Civil Rights Icon Congressman John Lewis Dies At Age 80 Following Fight With Pancreatic Cancer

Civil Rights Icon Congressman John Lewis Dies At Age 80 Following Fight With Pancreatic Cancer

Just hours after the world began mourning the loss of 95-year-old Civil Rights leader Reverend Cordy Tindell “C.T.” Vivian, it was announced that another Civil Rights foot soldier, the incomparable proponent of “good trouble,” Congressman John Robert Lewis had passed at the age of 80 on Friday night (July 17). In December of 2019, John Lewis announced he had been diagnosed with stage 4 pancreatic cancer. As a result, his public appearances had been minimized as he received treatment. At the time of his diagnosis, the Representative of the 5th District of Georgia vowed to continue to serve in his role as the area’s congressman since 1987 and that he would keep fighting:

I have been in some kind of fight — for freedom, equality, basic human rights — for nearly my entire life. I have never faced a fight quite like the one I have now.

 

Congressman John Lewis

John Lewis had made headlines recently as his name became a trend on Twitter as rumors of his death swirled just six days before his actual passing. WSB-TV, the ABC affiliate in Atlanta, Georgia, reported that his family released a statement confirming his death:

It is with inconsolable grief and enduring sadness that we announce the passing of U.S. Rep. John Lewis. He was honored and respected as the conscience of the US Congress and an icon of American history, but we knew him as a loving father and brother. He was a stalwart champion in the on-going struggle to demand respect for the dignity and worth of every human being. He dedicated his entire life to non-violent activism and was an outspoken advocate in the struggle for equal justice in America. He will be deeply missed.

Often referred to as the “Conscience of the Congress,” John always made his voice and opinion on numerous controversial issues known. He was an avid supporter of the effort to impeach President Donald Trump and said at the time that if moving forward with the impeachment process was delayed, it would, in fact, “betray the foundation of our democracy.” He even boycotted the inauguration ceremony for President Donald Trump in 2017. Despite their tumultuous history and the fact that some had even called for him not to say anything about the Congressman’s passing, the President posted a brief statement on his personal Twitter page after golfing in sending condolences:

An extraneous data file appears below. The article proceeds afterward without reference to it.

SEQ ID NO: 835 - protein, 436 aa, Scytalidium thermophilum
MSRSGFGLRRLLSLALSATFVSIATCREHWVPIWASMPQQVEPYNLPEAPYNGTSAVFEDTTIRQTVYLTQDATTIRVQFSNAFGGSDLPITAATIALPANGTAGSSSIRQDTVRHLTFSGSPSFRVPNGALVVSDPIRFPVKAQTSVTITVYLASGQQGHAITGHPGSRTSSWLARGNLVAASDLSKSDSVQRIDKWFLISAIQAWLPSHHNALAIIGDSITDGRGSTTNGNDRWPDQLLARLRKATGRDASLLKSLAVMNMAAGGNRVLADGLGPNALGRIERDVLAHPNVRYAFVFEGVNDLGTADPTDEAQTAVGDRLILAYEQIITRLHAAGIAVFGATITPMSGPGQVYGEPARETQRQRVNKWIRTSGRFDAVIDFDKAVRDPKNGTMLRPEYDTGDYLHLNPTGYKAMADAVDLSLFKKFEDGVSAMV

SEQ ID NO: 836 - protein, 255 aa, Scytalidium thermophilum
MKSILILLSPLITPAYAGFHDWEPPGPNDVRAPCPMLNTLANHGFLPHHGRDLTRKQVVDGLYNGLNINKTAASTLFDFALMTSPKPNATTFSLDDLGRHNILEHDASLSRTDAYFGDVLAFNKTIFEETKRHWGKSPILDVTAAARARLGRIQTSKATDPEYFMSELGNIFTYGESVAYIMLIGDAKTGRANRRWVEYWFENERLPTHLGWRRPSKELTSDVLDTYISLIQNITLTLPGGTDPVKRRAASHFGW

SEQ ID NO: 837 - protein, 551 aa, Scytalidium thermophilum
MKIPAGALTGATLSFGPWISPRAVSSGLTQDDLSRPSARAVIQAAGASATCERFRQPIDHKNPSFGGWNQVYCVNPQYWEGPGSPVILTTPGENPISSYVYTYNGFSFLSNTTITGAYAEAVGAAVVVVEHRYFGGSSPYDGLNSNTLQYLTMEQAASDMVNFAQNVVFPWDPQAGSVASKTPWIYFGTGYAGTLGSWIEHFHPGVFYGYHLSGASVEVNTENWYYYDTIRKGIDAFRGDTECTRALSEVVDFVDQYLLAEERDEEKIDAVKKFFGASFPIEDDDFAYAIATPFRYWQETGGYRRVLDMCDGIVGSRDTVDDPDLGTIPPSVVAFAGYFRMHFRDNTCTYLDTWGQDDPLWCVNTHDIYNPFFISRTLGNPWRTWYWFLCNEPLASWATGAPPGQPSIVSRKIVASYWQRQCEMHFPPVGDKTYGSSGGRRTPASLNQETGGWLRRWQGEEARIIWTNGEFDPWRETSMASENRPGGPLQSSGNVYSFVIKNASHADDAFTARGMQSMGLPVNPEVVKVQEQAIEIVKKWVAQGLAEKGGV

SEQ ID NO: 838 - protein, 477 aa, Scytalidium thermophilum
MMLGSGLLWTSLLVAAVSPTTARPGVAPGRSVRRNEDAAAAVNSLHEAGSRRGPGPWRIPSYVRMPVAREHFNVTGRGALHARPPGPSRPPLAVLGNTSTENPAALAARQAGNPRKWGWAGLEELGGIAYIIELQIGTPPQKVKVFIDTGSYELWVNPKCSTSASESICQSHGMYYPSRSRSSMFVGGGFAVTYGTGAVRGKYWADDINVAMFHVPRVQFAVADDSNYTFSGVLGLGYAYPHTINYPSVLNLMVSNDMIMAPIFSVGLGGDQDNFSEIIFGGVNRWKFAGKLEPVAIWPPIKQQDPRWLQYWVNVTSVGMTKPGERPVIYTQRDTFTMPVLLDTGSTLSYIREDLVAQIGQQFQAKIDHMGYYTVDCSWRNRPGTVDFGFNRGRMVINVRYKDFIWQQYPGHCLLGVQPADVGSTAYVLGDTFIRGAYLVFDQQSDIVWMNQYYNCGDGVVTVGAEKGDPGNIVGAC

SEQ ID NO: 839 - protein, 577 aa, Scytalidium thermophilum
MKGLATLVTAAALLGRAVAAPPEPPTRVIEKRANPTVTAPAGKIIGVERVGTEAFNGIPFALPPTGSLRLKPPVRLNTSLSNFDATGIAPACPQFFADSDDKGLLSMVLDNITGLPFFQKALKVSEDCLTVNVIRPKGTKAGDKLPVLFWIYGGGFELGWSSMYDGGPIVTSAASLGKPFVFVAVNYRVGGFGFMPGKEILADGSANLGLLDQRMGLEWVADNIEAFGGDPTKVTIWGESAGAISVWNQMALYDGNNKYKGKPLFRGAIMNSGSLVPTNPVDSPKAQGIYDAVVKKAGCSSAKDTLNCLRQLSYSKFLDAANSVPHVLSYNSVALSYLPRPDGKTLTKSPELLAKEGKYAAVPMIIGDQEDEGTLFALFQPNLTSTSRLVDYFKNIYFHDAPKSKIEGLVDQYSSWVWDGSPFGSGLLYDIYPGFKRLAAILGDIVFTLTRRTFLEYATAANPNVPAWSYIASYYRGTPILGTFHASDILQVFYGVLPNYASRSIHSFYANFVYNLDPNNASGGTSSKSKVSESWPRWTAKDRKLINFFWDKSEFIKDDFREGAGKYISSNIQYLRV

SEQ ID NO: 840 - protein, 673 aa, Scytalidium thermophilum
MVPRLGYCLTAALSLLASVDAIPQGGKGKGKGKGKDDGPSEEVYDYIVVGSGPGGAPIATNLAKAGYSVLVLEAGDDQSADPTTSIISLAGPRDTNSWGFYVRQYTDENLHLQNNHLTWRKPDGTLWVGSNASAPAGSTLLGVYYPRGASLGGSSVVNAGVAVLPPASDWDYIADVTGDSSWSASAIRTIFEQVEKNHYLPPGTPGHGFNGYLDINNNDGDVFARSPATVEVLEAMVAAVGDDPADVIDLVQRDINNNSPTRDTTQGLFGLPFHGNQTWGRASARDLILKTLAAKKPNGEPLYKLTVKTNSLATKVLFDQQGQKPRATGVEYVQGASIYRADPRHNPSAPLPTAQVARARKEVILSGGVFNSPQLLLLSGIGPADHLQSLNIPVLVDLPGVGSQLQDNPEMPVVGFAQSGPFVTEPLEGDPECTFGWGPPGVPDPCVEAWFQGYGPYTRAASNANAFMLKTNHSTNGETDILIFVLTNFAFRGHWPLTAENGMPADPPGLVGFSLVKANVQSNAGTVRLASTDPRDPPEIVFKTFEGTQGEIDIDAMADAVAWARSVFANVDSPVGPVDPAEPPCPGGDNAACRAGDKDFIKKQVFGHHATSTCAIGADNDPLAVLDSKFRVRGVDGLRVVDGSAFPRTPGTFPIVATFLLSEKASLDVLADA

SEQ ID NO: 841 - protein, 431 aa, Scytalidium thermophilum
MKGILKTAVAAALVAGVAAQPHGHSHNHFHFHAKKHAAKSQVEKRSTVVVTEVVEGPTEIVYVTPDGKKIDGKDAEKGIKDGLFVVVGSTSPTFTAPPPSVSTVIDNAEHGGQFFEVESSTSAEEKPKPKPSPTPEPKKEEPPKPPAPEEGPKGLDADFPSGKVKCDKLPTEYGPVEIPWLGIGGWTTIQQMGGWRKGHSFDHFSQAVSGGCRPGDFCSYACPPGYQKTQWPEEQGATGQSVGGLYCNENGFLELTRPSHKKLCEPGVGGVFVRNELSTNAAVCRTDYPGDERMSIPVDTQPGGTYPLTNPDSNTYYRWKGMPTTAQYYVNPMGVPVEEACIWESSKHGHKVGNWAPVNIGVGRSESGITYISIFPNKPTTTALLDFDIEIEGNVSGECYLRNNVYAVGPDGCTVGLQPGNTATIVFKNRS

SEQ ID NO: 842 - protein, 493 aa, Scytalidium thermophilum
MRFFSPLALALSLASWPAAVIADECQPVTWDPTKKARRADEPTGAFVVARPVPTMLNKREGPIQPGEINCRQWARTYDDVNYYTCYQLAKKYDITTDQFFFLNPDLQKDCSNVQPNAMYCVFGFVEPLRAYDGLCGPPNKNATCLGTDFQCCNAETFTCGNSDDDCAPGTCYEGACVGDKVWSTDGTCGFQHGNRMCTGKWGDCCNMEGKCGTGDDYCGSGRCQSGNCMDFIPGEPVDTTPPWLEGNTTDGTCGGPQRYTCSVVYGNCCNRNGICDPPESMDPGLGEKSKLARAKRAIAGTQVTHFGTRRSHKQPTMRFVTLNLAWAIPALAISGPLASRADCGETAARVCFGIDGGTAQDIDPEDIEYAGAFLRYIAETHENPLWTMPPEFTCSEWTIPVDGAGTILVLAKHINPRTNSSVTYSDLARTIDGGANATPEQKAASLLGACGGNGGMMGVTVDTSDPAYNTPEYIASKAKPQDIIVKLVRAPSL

Vice President Mike Pence released a statement recognizing the late Representative and his inspiration to future Americans:

John Lewis will be remembered as a giant of the civil rights movement whose selflessness and conviction rendered our nation into a more perfect union and his example will inspire generations of Americans.

The Civil Rights leader was most famously known for his alliance with and work alongside Rev. Dr. Martin Luther King, Jr. during the Civil Rights Movement of the late 1950s and the 1960s. He was there during the infamous Bloody Sunday march in 1965 attempt where he along with Ambassador Andrew Young, and Hosea Williams attempted to walk together with about 600 others from Selma, Alabama to the state seat of Montgomery, Alabama for African-American voting rights. His presence was all over the Civil Rights Movement as he participated in sit-ins at segregated lunch counters, joined with the Freedom Riders in their fight against colored-only sections on city buses, and, notably, he was the youngest keynote speaker at the landmark March on Washington in 1963 when he was just 23 years old.





To commemorate so many of his efforts in the nonviolent fight for justice for African-Americans, a documentary entitled “John Lewis: Good Trouble” was released July 3, 2020. The film boasts rare footage of John in his element as an unapologetic social activist in the areas of civil and voting rights. The documentary also features a present-day interview with John who was, at that time, 79 years old where he recounts his childhood experiences, family life in Troy, Alabama, and his first meeting with Rev. Dr. Martin Luther King, Jr.

The nation’s flags at the White House as well as in the City of Atlanta have been lowered to half-staff to honor the memory of the late congressman and Civil Rights giant. Celebrities, notable individuals, and regular everyday people have taken to their social media pages to honor the enduring legacy and memory of one of our nation’s greatest leaders. Check out some of what they had to say in their tributes:

 





 

We send our condolences to the family, friends, and co-workers of Congressman John Lewis. May he rest in peace.





Authored by: Sincerely Liz